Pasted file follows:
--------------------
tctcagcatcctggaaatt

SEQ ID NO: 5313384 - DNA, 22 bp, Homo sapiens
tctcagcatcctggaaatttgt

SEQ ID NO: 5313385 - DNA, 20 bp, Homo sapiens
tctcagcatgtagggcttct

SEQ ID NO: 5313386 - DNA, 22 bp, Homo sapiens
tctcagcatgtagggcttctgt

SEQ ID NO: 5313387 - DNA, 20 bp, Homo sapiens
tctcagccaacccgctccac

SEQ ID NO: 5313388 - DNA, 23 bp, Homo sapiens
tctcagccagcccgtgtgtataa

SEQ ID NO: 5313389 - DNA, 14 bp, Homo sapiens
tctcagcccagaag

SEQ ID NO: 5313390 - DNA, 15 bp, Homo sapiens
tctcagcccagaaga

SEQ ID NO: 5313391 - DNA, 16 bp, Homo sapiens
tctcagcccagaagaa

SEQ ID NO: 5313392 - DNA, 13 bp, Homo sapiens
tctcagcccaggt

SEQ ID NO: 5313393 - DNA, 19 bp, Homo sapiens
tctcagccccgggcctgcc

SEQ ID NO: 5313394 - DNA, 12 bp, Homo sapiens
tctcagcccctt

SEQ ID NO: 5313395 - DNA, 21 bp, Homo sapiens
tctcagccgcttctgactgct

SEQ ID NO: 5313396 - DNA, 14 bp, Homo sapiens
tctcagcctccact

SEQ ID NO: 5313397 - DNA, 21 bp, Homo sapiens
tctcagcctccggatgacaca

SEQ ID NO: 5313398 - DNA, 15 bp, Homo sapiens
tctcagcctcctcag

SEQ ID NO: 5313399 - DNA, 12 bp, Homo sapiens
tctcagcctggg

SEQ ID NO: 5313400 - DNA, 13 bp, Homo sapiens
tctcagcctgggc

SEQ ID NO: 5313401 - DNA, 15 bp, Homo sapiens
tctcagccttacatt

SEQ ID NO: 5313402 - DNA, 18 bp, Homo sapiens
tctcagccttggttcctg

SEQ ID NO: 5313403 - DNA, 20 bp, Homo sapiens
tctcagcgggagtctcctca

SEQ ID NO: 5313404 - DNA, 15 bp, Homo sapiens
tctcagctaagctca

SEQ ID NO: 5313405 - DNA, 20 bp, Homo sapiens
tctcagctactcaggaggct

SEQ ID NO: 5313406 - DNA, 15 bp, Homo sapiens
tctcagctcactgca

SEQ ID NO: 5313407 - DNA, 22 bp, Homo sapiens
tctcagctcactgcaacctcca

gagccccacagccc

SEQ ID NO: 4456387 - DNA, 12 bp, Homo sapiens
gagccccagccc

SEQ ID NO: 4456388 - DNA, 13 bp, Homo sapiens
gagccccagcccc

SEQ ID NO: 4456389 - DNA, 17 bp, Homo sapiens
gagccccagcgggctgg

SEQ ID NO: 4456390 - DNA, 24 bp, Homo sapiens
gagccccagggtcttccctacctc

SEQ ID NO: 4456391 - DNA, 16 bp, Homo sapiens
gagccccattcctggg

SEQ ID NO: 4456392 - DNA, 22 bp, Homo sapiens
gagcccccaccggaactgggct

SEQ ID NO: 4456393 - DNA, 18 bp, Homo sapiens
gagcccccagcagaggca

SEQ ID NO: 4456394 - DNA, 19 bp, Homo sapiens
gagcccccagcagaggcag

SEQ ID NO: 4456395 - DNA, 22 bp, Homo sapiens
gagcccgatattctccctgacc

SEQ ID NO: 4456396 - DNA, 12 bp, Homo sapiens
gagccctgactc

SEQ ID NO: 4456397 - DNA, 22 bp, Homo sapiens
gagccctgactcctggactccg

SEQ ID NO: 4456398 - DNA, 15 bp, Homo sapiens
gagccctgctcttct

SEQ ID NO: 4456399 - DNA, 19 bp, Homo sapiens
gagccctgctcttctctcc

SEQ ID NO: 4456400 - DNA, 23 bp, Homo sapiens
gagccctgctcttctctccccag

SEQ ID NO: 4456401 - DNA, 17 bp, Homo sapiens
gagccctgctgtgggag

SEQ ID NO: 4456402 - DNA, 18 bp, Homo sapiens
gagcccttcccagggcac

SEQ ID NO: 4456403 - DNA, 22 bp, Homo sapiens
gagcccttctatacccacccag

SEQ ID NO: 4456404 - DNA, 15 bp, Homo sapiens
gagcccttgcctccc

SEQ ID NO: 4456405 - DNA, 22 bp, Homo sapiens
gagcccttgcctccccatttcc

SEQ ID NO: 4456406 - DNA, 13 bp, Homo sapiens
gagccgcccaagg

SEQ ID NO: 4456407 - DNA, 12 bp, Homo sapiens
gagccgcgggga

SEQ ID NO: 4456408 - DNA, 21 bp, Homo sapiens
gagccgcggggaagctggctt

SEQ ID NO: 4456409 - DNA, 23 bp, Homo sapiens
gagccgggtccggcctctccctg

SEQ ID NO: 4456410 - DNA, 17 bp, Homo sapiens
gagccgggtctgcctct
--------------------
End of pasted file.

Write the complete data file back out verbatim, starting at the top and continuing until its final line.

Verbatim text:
tctcagcatcctggaaatt

SEQ ID NO: 5313384 - DNA, 22 bp, Homo sapiens
tctcagcatcctggaaatttgt

SEQ ID NO: 5313385 - DNA, 20 bp, Homo sapiens
tctcagcatgtagggcttct

SEQ ID NO: 5313386 - DNA, 22 bp, Homo sapiens
tctcagcatgtagggcttctgt

SEQ ID NO: 5313387 - DNA, 20 bp, Homo sapiens
tctcagccaacccgctccac

SEQ ID NO: 5313388 - DNA, 23 bp, Homo sapiens
tctcagccagcccgtgtgtataa

SEQ ID NO: 5313389 - DNA, 14 bp, Homo sapiens
tctcagcccagaag

SEQ ID NO: 5313390 - DNA, 15 bp, Homo sapiens
tctcagcccagaaga

SEQ ID NO: 5313391 - DNA, 16 bp, Homo sapiens
tctcagcccagaagaa

SEQ ID NO: 5313392 - DNA, 13 bp, Homo sapiens
tctcagcccaggt

SEQ ID NO: 5313393 - DNA, 19 bp, Homo sapiens
tctcagccccgggcctgcc

SEQ ID NO: 5313394 - DNA, 12 bp, Homo sapiens
tctcagcccctt

SEQ ID NO: 5313395 - DNA, 21 bp, Homo sapiens
tctcagccgcttctgactgct

SEQ ID NO: 5313396 - DNA, 14 bp, Homo sapiens
tctcagcctccact

SEQ ID NO: 5313397 - DNA, 21 bp, Homo sapiens
tctcagcctccggatgacaca

SEQ ID NO: 5313398 - DNA, 15 bp, Homo sapiens
tctcagcctcctcag

SEQ ID NO: 5313399 - DNA, 12 bp, Homo sapiens
tctcagcctggg

SEQ ID NO: 5313400 - DNA, 13 bp, Homo sapiens
tctcagcctgggc

SEQ ID NO: 5313401 - DNA, 15 bp, Homo sapiens
tctcagccttacatt

SEQ ID NO: 5313402 - DNA, 18 bp, Homo sapiens
tctcagccttggttcctg

SEQ ID NO: 5313403 - DNA, 20 bp, Homo sapiens
tctcagcgggagtctcctca

SEQ ID NO: 5313404 - DNA, 15 bp, Homo sapiens
tctcagctaagctca

SEQ ID NO: 5313405 - DNA, 20 bp, Homo sapiens
tctcagctactcaggaggct

SEQ ID NO: 5313406 - DNA, 15 bp, Homo sapiens
tctcagctcactgca

SEQ ID NO: 5313407 - DNA, 22 bp, Homo sapiens
tctcagctcactgcaacctcca

gagccccacagccc

SEQ ID NO: 4456387 - DNA, 12 bp, Homo sapiens
gagccccagccc

SEQ ID NO: 4456388 - DNA, 13 bp, Homo sapiens
gagccccagcccc

SEQ ID NO: 4456389 - DNA, 17 bp, Homo sapiens
gagccccagcgggctgg

SEQ ID NO: 4456390 - DNA, 24 bp, Homo sapiens
gagccccagggtcttccctacctc

SEQ ID NO: 4456391 - DNA, 16 bp, Homo sapiens
gagccccattcctggg

SEQ ID NO: 4456392 - DNA, 22 bp, Homo sapiens
gagcccccaccggaactgggct

SEQ ID NO: 4456393 - DNA, 18 bp, Homo sapiens
gagcccccagcagaggca

SEQ ID NO: 4456394 - DNA, 19 bp, Homo sapiens
gagcccccagcagaggcag

SEQ ID NO: 4456395 - DNA, 22 bp, Homo sapiens
gagcccgatattctccctgacc

SEQ ID NO: 4456396 - DNA, 12 bp, Homo sapiens
gagccctgactc

SEQ ID NO: 4456397 - DNA, 22 bp, Homo sapiens
gagccctgactcctggactccg

SEQ ID NO: 4456398 - DNA, 15 bp, Homo sapiens
gagccctgctcttct

SEQ ID NO: 4456399 - DNA, 19 bp, Homo sapiens
gagccctgctcttctctcc

SEQ ID NO: 4456400 - DNA, 23 bp, Homo sapiens
gagccctgctcttctctccccag

SEQ ID NO: 4456401 - DNA, 17 bp, Homo sapiens
gagccctgctgtgggag

SEQ ID NO: 4456402 - DNA, 18 bp, Homo sapiens
gagcccttcccagggcac

SEQ ID NO: 4456403 - DNA, 22 bp, Homo sapiens
gagcccttctatacccacccag

SEQ ID NO: 4456404 - DNA, 15 bp, Homo sapiens
gagcccttgcctccc

SEQ ID NO: 4456405 - DNA, 22 bp, Homo sapiens
gagcccttgcctccccatttcc

SEQ ID NO: 4456406 - DNA, 13 bp, Homo sapiens
gagccgcccaagg

SEQ ID NO: 4456407 - DNA, 12 bp, Homo sapiens
gagccgcgggga

SEQ ID NO: 4456408 - DNA, 21 bp, Homo sapiens
gagccgcggggaagctggctt

SEQ ID NO: 4456409 - DNA, 23 bp, Homo sapiens
gagccgggtccggcctctccctg

SEQ ID NO: 4456410 - DNA, 17 bp, Homo sapiens
gagccgggtctgcctct